The OCC Bank Merger Symposium, Charlie Gainey, ESG Intern, Bates College

Photo by Charlie Gainey If the OCC’s bank merger symposium had to be summed up in three words, it would be this: more regulation needed. That was the takeaway I got from the speakers last week at the event . (OCC Bank Merger Symposium. Washington, D.C. Feb 10, 2023. ) Benjamin McDonough, the OCC’s chief counsel, put it best when he said that regulators need to “build a better mousetrap,” and that if the current regulations aren’t updated then harmful bank mergers will be likely to pass through. He followed up that “this mousetrap needs to be not only theoretically sound and consistent with our values, but also capable of implementation within the statutory criteria for merger review." Even Randal Quarles, the former supervision vice chair of the Federal Reserve, was quoted as saying that many see the current bank merger regulatory system as “a delphic and hermetic process that is very ad hoc… and then other people see a rubber stamp .” Another important note from the symposium co

State of the Union 2023. 윤정민, American University ESG 인턴.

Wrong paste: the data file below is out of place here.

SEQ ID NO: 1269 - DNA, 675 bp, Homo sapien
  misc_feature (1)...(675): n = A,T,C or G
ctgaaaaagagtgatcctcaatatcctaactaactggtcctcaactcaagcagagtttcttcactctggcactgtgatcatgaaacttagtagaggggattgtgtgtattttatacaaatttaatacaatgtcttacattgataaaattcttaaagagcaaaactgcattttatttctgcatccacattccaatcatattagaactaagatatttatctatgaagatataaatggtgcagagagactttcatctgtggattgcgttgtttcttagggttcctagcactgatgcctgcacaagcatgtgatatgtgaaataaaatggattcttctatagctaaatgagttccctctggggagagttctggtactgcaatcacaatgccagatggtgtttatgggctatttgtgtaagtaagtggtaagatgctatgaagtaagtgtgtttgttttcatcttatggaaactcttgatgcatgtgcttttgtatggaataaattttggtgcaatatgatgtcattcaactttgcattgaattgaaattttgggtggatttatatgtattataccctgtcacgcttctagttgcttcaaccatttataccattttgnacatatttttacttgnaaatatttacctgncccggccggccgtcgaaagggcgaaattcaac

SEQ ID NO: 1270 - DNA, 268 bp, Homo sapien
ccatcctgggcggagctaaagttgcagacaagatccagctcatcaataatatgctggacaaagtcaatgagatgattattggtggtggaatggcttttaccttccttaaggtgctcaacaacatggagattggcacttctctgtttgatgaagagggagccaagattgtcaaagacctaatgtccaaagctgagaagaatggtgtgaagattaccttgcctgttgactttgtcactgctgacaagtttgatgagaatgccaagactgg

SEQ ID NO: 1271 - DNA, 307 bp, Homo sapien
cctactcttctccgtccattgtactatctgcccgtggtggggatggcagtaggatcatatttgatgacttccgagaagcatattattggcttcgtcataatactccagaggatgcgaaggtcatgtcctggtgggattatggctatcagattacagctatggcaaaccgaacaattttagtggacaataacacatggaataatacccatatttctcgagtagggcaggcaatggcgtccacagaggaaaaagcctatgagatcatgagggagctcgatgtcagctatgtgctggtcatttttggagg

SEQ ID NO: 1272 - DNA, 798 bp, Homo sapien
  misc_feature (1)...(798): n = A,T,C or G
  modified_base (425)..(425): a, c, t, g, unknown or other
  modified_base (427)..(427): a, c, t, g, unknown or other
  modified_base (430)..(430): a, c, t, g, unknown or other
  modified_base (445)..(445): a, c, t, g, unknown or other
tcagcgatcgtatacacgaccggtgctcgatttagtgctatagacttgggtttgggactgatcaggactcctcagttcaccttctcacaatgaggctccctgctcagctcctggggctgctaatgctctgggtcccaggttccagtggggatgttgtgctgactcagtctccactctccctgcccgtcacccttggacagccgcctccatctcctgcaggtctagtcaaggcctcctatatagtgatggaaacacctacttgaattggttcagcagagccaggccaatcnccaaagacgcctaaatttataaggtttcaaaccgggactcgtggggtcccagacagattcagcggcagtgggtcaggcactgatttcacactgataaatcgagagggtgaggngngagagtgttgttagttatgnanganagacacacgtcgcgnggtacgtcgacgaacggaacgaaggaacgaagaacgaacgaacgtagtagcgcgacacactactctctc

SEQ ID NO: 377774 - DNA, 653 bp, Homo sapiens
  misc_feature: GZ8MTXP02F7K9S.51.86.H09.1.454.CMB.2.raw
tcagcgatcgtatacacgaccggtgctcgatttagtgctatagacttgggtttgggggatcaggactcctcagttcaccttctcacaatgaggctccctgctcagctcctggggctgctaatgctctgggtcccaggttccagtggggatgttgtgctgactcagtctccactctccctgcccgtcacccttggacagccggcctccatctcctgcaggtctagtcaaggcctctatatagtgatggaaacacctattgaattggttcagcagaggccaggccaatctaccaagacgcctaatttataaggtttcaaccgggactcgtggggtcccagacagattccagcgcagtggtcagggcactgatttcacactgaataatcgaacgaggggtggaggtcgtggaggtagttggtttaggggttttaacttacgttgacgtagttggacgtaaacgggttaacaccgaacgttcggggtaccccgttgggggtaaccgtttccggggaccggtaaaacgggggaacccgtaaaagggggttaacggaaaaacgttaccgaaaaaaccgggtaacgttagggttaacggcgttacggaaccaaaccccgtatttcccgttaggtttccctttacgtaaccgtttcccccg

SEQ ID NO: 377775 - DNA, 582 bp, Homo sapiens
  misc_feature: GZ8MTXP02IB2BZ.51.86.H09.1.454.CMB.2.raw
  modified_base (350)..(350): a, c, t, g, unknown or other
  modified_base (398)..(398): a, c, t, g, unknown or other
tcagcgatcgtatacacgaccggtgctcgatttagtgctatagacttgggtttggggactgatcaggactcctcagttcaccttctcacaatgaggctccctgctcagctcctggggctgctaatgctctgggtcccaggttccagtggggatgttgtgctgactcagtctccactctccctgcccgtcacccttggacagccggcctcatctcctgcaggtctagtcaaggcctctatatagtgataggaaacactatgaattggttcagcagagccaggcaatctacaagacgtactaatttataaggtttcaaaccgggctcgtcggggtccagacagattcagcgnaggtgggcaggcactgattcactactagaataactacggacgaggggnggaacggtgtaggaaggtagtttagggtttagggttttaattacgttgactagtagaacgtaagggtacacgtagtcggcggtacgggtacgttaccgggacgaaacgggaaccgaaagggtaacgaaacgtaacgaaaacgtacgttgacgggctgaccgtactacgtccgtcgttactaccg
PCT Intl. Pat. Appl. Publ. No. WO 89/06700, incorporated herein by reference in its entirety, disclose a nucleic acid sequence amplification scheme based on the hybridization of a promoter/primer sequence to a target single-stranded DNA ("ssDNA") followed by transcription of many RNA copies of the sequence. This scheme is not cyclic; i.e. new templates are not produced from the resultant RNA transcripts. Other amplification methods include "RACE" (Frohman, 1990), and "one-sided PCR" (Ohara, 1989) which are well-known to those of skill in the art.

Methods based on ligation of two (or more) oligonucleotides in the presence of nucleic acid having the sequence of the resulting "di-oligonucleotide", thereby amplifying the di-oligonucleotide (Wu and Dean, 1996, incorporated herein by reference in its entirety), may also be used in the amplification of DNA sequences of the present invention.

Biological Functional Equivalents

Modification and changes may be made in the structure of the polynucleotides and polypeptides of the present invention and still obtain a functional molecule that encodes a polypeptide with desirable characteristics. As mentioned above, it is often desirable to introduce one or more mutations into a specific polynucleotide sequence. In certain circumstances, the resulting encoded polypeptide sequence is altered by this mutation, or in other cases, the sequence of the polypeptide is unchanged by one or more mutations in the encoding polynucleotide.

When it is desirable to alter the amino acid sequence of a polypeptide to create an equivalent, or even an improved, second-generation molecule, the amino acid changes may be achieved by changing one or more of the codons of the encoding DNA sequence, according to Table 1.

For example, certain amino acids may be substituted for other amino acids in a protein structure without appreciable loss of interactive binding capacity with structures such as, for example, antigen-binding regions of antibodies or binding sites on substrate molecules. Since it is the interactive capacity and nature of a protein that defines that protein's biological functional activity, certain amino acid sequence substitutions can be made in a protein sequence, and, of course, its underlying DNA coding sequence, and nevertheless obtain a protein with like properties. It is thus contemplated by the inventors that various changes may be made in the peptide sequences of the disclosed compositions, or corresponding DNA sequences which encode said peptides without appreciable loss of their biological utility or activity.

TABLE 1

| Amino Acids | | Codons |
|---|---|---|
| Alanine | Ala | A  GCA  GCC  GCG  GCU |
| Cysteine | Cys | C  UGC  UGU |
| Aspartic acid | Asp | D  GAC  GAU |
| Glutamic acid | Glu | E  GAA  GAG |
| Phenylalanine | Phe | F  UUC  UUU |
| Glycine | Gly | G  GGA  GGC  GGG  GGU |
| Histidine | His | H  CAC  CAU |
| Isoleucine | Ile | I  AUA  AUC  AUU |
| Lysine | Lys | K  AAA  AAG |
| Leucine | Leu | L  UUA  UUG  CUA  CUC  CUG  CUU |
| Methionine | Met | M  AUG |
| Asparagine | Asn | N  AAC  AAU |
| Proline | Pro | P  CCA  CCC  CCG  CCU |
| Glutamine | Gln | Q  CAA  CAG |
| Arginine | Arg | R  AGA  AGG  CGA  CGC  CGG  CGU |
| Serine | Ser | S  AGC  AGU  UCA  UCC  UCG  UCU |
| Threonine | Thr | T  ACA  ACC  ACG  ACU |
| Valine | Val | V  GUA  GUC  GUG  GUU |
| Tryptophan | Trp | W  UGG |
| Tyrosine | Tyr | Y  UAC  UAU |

" 실업률은 3.4% 로 50 년 만에 최저치입니다 . 흑인과 히스패닉 근로자들의 거의 기록적인 낮은 실업률입니다 ." 라고 조 바이든 대통령이 말했습니다 . 80 만 개의 새로운 제조업 일자리가 창출되었습니다 . 예를 들어 반도체 과학법으로 알려진 행동을 위한 CHIPs 승인 이후 인텔은 오하이오주에 반도체 공장을 설립해 총 1 만 개의 일자리를 창출했고 , 초당적 인프라법은 지금까지 공항을 포함해 2 만 개의 프로젝트를 지원했습니다 . 바이든이 2 년 임기 동안 이룬 경제적 성과는 1,200 만 개의 새로운 일자리를 창출하고 실업률 3.4% 로 지난 50 년 동안 최저치를 달성한 것이 대단하다고 생각합니다 . 특히 흑인과 히스패닉계 사람들에게는 기록적인 고용률이라는 측면에서 매우 의미가 있다고 생각합니다 . 게다가 , 바이든은 중산층을 위한 경제를 강조했습니다 . 보수가 좋은 제조업 일자리가 너무 많이 해외로 넘어갔지만 반도체법 , 인플레이션방지법 등을 실행하여 미국으로 다시 돌아올 것이라고 전망됩니다 . The unemployment rate is 3.4%, a 50-year low, with near record low unemployment for Black and Hispanic workers.  President Joe Biden said  800,000 new manufacturing jobs were created after the approval of the CHIPS Act, known as the Semiconductor Science Act. Intel alone created 10,000 jobs by establishing a semiconductor plant in Ohio, and the bipartisan infrastructure law has so far supported 20,000 projects, including airports. I think Biden's eco